Anyway, I started out 2014 pretty solid on Guntersville and I would like to get back to having that kind of success. That doesn't mean I won a bunch, because I didn't. However, I learned a lot and I wanted to put that to use. I also learned that you cannot fake your way on this lake this time of year. 

So, with a free Saturday, I asked Josh to fish the The Bait Tackle and Grill at Goosepond Wildcat, which they have every weekend during the winter. I have no affiliation with the store or its owners, but Jamie and his wife do a fantastic job at Goosepond in providing year-round service for fishermen. I can't recommend them enough. 

Anyways, we had 15 boats and 24 anglers. The ABA was also using Goosepond for their tournament. The lake was completely empty, save for these boats and a ton of duck hunters. 

The night before, Josh and I went over our gameplan. We decided to fish the hotspot we found in 2014. We knew there was a chance that the fish probably weren't there anymore, but it was worth a shot. I was going with a four bait system: The A-rig, a red square bill, a green pumpkin chatterbait backed by a PTL Craw D, and a red lipless crank. 

Josh and I ran into the back Roseberry creek. As we pulled up on the point, we were whistled at by duck hunters, which made us change our boat positioning. No big deal. It just wasn't something that we had anticipated. 

Nothing in the first spot. We moved over a pocked. Nothing.

When scanning the Roseberry creek channel which was intersected by a secondary creek and a huge conduit (which we found on sidescan), we came across two masses of fish adjacent to some bait balls. It was picture perfect as one can find using electronics. But, both of us had our doubts if they were bass and even if they were bass, would they be feeding? Their position, holding tight to the bottom, told us that they probably weren't.

Indeed they weren't active, but I busted out a PTL bullnose jig and set the hook on a fish anyway, reeling in a drum. We left. 

After fishing some bluff walls at the mouth of Roseberry, we caught our lone bass of the day, a short fish on a jerkbait. 

We fished Mink Creek for the rest of the day, not having another single bite. 

That was the story of the day, as boat after boat was either not present for the weigh in or had nothing to weigh at all. I can attest that only 5 boats weighed any fish. So, a swing and a miss. As much as that makes me disappointed, I will simply chalk it up to bad luck and learn from it. That's going to be one of my themes this year. Not that anyone really cares, but those are going to be:
  • Don't get upset. Get even. It isn't striking out. It's eliminating water.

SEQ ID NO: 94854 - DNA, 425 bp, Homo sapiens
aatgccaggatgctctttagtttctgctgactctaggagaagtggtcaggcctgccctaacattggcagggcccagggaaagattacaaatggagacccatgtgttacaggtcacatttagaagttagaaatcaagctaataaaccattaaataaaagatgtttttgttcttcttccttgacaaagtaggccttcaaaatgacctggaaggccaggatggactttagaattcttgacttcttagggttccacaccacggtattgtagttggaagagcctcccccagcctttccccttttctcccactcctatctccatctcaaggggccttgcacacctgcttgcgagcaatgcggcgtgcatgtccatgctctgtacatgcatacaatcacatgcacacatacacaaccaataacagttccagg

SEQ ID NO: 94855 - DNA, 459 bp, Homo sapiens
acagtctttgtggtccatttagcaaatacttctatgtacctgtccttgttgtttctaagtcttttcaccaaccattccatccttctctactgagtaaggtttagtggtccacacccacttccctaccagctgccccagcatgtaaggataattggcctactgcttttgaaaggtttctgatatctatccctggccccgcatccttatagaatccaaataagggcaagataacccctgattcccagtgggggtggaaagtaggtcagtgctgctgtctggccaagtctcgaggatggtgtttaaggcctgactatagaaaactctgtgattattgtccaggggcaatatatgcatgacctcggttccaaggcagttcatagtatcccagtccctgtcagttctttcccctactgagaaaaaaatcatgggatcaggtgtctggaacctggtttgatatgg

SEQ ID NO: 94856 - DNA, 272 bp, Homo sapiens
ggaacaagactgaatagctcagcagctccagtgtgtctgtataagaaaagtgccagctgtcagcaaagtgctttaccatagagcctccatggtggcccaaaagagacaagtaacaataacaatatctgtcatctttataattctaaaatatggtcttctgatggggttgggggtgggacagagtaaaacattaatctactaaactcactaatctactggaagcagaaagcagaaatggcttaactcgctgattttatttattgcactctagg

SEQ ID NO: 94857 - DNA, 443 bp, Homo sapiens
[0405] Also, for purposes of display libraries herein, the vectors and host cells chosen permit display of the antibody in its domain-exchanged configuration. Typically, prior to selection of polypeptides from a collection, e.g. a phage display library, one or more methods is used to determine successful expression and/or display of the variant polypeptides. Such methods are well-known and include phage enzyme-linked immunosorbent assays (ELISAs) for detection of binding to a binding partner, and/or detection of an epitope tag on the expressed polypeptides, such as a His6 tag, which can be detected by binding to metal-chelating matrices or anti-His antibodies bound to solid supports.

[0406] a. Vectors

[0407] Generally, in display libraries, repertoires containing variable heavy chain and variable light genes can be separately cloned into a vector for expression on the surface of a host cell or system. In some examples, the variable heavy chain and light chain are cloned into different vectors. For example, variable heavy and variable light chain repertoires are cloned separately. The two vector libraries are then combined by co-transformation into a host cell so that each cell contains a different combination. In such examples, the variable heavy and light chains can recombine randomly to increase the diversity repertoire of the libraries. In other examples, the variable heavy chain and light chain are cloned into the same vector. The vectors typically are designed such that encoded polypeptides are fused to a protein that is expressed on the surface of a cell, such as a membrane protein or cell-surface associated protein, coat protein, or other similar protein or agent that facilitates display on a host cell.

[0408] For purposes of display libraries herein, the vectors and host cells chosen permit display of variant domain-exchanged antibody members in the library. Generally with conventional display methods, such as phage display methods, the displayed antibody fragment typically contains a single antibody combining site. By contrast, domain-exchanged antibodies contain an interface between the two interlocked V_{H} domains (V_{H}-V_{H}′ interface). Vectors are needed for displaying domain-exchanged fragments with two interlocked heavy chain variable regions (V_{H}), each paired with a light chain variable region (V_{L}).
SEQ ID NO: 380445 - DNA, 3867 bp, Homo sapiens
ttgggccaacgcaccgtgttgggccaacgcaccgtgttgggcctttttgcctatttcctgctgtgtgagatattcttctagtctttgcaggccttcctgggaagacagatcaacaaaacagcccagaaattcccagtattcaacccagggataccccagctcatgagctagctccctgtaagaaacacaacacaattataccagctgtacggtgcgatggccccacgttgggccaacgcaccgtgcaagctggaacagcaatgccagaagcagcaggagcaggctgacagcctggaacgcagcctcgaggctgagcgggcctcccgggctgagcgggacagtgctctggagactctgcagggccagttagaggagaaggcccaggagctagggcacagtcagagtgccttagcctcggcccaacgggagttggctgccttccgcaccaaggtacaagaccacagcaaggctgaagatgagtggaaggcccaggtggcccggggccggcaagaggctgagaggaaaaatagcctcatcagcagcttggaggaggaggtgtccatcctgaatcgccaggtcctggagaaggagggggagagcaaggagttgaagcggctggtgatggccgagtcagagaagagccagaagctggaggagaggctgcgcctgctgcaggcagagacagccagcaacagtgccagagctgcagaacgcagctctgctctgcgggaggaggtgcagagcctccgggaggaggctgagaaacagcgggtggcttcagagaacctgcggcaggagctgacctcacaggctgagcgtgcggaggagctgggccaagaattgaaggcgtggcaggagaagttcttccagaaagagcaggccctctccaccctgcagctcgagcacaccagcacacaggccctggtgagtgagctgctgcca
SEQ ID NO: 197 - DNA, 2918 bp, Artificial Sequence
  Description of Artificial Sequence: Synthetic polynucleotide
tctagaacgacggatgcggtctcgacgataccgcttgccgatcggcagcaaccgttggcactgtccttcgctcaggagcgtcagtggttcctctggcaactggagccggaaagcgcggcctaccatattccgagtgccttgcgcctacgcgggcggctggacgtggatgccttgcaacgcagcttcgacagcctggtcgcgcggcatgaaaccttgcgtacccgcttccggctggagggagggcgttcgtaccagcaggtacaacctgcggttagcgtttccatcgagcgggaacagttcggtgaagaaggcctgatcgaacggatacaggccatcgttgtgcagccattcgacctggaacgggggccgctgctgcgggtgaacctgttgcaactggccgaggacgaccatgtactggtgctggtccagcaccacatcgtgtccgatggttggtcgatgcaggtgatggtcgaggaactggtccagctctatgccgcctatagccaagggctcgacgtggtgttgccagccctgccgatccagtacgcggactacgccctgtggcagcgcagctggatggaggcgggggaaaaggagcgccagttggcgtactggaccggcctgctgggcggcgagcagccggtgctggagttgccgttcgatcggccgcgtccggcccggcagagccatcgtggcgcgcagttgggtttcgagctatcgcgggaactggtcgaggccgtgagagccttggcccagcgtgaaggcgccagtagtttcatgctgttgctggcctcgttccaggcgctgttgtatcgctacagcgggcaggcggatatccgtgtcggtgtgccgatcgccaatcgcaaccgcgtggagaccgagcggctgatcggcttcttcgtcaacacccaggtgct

• Don't celebrate winning on tough days when everyone else struggles.
  • Don't feel better about struggling when everyone else struggles. 
  • Find a way to win even when everyone else is catching fish.
 Here are the final results directly from The Bait Tackle and Grill at Goosepond 

"Hello Lake Guntersville Anglers! The Goose Pond Wildcat tournament results for Sat January 9, 2016...1st place and Big Bass winner was Jr. West with 16.50 lbs and a 6.04 biggin!...2nd place was Joey West with 14.32 lbs...and 3rd place was Benny Medlen and Mark Breen with 13.78 lbs they also had a 4.20 spotted bass...we had 15 boats, 24 anglers...It was a beautiful morning, 50° and breezy but for Jan it wasn't terrible..the winners said lures that worked were A- rigs, crankbaits, traps, jigs, and " Forks! " lol ....the ABA Div 29 also went out, 23 boats 18+ lbs won it, see there website for complete results. With the weather moving in we will be closed this Sun. Stay safe and warm! Thanks for coming out to The Bait Tackle and Grill at Goose Pond!"





Wednesday, January 6, 2016

Fishing Report for Wheeler/Ingalls Harbor 1/6/2016

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(Please excuse the stupid face)

A quick look at the Fish of 2015 Page shows that my first catch of 2015 came on 1/17/15. I thought it would be tough to beat that early of a date, but the weather this past year has been.....unique. On a related subject that I promise is non-sequitur, 2015 proved, among many other things, that the best trips are always the last second trips. That is, not the days I take a day off of work. 

So, when I got a phone call around lunch time from my fishing partner, friend, and co-worker John asking if I had time to fish for a few hours in the late afternoon, I said yes. After all, the best trips seem to be those I didn't plan and the weather was decent (for the first week of the January). 

John had some info that the fish were really turned on with the high water and current coming out of Wheeler. In particular, the smallies were really biting. Well, that was GREAT news. I have good cold weather gear. I like to catch smallies. And, wouldn't it be the proper and fitting beginning to a 2016 to follow up where 2015 left off. In case you didn't know, 2015 was definitely "The Year of the Smallies" for me.